Surviving Christmas as a single parent

Christmas inherently brings with it a unique set of seasonal pressures for any parent; as we battle the high streets to track down perfect presents, slave over a delicious roast dinner and decorate our home to such an extent that it resembles nothing short of a decadent Winter Wonderland! Of course, this is all in the hope that we will fulfil the iconic, faultless stereotype surrounding Christmas day.

However, the intense burden of responsibility with regards to curating such an event for our children, certainly proves to be testing for even the most organised of individuals. Although, for single parents, additional difficulties also inevitably materialise; as those stresses which would ideally be shared fall solely into the laps of one anxiety-stricken parent.

Unsurprisingly, MIND have reported that 76% of people experience difficulty sleeping at Christmas, whilst 60% confess to suffering from panic attacks. Of the reasons attributed to this unfortunate occurrence, many suggested that Christmas-related stress played a prominent role. This highlights the importance in alleviating the heightened stress single-parents typically find themselves faced with during this festive period, helping them to feel better supported and more able to find joy in the day themselves.

To help single parents reduce stress this Christmas, Ben Edwards, a trained life coach and motivational speaker, outlines several recommendations for making the festive season a worry-free occasion:

1. Make exciting arrangements & accept help

For single parents, an indisputable struggle surrounding the festive period is feeling alone—particularly if your circumstances have only recently changed—as the responsibility to create a seamlessly happy day for your children can no longer be shared with a partner.

To ease this pressure, contact friends and family; organise visits or trips to make the day more exciting for all of you. Spending quality time with loved ones will allow you to relax yourself and provides an opportunity for adult conversation and overdue catch ups.

Similarly, accept any help that may be generously offered. If your friends and family wish to be there for you over the festive period, let them; this will strengthen your sense of connectedness as we welcome the New Year and will prevent you from feeling isolated.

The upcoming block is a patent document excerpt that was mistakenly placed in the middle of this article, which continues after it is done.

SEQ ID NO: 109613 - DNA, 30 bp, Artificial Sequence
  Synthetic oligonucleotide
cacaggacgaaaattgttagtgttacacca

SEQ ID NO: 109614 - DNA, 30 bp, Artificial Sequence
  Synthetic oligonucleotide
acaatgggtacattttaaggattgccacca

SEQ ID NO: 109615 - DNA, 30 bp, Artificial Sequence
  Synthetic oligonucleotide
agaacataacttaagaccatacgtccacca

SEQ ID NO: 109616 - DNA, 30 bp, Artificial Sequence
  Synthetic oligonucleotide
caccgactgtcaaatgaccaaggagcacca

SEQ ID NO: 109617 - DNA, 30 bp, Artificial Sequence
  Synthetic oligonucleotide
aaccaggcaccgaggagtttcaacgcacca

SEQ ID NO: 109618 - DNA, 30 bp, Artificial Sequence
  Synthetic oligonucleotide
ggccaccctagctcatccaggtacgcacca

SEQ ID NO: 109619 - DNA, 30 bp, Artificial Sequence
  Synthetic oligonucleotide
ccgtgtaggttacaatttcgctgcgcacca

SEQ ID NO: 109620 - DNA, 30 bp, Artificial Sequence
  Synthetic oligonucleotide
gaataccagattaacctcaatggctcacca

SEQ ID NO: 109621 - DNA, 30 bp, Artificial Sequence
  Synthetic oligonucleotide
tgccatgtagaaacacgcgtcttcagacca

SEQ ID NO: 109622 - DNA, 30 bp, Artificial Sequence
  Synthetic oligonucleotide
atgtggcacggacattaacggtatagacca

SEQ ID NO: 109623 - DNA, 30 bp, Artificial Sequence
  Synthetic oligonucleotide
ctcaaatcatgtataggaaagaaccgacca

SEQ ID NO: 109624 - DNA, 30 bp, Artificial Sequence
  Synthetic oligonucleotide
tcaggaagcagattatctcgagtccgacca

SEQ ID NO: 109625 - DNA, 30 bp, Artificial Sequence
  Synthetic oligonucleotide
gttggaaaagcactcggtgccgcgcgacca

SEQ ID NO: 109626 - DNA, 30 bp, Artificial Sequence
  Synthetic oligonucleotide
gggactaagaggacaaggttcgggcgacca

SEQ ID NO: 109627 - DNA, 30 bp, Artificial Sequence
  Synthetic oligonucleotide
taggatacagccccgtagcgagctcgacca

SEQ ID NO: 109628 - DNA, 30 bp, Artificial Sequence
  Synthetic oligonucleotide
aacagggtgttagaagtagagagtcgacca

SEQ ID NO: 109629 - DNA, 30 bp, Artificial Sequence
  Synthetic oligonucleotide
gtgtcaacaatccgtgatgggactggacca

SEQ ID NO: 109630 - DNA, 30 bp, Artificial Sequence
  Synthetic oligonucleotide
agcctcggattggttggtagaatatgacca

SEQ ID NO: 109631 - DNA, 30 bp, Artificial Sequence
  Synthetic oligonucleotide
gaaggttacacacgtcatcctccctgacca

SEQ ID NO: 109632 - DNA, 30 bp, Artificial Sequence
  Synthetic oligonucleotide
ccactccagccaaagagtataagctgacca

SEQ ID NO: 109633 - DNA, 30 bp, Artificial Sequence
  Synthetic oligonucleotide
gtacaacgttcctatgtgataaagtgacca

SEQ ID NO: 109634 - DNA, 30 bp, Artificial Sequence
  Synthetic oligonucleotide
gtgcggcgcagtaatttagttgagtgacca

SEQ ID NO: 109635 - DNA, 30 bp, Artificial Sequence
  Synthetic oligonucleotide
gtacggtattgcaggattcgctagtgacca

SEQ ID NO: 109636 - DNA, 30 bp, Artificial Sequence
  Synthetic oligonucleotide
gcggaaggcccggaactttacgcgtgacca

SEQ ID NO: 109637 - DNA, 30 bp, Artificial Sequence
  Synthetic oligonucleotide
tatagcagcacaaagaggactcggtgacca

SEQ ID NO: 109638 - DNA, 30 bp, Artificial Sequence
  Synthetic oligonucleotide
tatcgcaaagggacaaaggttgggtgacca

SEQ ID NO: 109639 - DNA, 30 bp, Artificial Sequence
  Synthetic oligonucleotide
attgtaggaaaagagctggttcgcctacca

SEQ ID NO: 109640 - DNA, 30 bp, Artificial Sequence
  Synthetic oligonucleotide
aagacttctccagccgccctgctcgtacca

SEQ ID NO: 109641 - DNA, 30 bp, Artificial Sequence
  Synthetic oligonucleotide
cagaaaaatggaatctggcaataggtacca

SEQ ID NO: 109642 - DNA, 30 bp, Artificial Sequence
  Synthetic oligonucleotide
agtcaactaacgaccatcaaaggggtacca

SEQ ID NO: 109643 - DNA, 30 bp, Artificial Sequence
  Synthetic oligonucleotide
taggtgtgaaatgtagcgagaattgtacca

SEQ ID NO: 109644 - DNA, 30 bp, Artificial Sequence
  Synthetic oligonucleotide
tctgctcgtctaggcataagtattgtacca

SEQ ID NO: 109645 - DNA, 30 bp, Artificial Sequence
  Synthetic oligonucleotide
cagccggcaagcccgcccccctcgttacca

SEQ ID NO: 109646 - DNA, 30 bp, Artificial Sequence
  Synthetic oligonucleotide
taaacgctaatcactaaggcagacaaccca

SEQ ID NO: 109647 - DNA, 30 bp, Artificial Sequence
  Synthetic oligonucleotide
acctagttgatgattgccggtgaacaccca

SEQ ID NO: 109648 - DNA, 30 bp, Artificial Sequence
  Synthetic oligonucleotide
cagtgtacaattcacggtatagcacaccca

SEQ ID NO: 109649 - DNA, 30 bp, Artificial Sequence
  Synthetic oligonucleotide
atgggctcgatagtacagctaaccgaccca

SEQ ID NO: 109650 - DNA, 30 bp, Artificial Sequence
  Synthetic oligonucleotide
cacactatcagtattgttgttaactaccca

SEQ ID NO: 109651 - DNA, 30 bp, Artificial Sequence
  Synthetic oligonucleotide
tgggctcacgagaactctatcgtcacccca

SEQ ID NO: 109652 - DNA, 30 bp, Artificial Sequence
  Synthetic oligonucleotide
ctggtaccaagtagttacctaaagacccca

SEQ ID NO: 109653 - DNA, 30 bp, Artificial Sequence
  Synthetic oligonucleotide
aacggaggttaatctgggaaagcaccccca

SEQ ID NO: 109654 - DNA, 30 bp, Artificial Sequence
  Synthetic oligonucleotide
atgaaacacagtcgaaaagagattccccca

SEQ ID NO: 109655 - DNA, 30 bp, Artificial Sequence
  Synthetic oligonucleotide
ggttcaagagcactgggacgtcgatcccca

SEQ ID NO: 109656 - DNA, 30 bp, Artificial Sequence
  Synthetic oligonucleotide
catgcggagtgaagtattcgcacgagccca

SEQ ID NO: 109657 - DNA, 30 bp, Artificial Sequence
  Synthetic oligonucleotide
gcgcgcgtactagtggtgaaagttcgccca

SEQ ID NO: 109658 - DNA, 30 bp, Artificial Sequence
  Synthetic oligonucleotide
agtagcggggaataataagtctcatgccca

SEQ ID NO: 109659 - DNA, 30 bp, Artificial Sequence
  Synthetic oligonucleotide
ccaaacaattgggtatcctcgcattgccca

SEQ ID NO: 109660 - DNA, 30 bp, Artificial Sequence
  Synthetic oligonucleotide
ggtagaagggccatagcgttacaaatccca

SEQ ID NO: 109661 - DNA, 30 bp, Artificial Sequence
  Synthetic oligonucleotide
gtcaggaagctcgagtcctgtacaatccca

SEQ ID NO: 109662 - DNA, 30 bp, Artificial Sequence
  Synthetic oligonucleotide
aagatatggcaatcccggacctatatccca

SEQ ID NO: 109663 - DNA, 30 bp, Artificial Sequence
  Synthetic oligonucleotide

2. Abandon expectations

Christmas celebrations inevitably vary vastly between families; the possibilities with regards to how this day can be enjoyed are endless, so do not feel pressured to adhere with stereotypes which no longer suit your family dynamic.

If you don’t have the time or energy to spend hours cooking a roast dinner and would rather—deservedly—enjoy the days’ merriment, indulge in a takeaway or your children’s favourite meal, even if it’s ice cream!

Similarly, don’t fear change; being open to new things allows you to start new traditions which will strengthen the different, special bond with your children. Being unable to provide a mountain of gifts does not spell disaster; instead this can be an invaluable grounding lesson. Having to go back to basics might just prove to be a blessing in disguise – reinstating what truly matters at Christmas!

3. Indulge in quality time for yourself

Allow yourself to enjoy the build-up to Christmas as well as the day itself. Ensure you start preparations early in order to prevent unnecessary last-minute panic – and take time to relax. Your children will be more inclined to enjoy the day, and your company, if you are not exhausted and stressed. When they are at school, indulge in a mince pie and hot chocolate with friends, and take advantage of online shopping!

Should you need advice, tips or simply someone to speak openly with, visit Ben’s website